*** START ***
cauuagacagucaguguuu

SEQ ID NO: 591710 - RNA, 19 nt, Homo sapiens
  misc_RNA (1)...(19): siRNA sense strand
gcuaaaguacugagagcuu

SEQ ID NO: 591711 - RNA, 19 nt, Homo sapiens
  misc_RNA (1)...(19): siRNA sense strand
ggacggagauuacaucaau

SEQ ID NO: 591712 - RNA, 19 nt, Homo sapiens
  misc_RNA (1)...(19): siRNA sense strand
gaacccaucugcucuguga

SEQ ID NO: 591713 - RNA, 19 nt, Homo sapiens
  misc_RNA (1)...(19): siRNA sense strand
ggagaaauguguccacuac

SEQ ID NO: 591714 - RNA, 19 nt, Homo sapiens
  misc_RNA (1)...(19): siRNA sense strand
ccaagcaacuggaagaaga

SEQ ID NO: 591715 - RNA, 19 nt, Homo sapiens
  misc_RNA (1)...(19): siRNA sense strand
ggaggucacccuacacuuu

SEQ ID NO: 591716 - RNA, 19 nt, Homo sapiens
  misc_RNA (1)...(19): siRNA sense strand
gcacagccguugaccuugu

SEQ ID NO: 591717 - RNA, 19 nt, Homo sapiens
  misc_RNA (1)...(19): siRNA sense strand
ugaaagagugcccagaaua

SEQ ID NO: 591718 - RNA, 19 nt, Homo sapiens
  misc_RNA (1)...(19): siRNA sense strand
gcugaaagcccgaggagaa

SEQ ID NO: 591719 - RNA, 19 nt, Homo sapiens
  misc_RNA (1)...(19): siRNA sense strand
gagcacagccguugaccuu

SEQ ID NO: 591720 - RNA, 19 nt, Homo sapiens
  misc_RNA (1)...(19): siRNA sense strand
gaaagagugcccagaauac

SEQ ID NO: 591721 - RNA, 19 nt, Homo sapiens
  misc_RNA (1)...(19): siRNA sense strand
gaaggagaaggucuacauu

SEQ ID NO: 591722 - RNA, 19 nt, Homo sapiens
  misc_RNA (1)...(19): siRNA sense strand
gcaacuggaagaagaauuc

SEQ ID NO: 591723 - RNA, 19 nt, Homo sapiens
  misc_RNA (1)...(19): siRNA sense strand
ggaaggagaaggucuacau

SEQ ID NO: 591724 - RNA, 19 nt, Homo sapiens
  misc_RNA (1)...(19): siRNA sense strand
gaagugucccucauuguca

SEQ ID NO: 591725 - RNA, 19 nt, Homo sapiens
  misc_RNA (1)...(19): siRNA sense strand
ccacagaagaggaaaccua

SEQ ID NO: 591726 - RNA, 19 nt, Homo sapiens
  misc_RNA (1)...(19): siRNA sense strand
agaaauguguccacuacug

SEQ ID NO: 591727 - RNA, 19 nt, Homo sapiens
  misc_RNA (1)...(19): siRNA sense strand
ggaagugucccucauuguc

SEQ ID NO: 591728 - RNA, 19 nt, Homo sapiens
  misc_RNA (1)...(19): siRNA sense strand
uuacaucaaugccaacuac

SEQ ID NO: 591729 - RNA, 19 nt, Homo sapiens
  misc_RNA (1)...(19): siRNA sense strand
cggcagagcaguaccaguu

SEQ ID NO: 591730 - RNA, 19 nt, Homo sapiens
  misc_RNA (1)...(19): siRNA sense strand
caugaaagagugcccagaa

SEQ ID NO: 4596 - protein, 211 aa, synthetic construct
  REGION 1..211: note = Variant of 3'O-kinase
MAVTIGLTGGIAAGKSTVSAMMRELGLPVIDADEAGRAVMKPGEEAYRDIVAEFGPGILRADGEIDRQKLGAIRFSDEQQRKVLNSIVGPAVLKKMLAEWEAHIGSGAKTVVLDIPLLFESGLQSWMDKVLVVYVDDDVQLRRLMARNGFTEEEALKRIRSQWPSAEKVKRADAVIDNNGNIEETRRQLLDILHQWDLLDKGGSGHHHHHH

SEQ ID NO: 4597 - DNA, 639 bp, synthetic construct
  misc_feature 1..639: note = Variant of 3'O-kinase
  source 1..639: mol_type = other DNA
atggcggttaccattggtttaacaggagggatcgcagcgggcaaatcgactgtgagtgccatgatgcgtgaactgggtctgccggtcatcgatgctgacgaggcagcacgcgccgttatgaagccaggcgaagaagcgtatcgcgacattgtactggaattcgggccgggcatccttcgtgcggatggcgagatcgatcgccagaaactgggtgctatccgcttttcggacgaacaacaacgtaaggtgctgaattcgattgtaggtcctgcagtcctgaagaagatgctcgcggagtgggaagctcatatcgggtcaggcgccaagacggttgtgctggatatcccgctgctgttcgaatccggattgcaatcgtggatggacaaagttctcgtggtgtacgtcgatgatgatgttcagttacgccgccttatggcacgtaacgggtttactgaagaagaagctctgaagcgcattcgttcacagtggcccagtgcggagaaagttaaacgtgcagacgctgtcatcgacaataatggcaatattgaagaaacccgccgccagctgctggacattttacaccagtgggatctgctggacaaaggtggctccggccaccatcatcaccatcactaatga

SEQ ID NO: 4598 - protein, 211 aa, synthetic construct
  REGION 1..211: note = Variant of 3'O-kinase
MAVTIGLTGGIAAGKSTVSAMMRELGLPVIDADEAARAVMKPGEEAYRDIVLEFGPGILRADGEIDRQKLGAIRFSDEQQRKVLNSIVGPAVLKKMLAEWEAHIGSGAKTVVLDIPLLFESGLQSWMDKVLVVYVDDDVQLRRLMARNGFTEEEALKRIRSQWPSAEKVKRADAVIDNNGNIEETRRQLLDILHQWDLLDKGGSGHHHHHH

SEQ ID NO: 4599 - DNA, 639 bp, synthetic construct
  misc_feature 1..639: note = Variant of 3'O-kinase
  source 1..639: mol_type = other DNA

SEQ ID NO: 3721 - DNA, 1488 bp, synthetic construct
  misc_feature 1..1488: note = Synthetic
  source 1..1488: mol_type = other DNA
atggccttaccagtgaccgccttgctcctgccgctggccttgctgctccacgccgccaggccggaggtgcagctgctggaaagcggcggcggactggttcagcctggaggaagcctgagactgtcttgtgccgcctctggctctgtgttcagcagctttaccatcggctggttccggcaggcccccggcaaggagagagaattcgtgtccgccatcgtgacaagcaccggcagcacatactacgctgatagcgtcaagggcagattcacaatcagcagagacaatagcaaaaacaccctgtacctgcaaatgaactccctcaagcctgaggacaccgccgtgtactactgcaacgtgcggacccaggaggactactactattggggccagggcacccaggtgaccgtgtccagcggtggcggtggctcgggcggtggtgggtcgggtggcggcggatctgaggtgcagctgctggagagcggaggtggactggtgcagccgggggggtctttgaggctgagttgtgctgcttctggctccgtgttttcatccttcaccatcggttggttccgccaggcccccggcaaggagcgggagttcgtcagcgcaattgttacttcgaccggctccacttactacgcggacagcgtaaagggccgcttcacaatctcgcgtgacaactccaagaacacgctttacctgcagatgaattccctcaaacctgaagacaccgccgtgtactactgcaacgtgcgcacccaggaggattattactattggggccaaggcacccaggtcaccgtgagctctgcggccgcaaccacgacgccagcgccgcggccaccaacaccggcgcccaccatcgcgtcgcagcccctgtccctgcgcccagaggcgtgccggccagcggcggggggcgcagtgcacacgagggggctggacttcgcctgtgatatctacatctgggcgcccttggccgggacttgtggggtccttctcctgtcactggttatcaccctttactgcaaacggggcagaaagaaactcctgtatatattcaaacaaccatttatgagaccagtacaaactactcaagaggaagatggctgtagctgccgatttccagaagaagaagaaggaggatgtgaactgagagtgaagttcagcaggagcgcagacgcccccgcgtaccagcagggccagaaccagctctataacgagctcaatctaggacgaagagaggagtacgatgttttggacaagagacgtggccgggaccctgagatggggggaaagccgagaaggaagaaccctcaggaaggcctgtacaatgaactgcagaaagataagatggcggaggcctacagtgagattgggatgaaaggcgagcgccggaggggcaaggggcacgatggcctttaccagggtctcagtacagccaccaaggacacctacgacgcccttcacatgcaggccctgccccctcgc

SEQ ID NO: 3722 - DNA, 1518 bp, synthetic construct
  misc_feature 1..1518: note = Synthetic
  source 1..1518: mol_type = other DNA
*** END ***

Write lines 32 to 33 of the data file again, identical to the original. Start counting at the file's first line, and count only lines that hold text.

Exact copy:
SEQ ID NO: 591720 - RNA, 19 nt, Homo sapiens
  misc_RNA (1)...(19): siRNA sense strand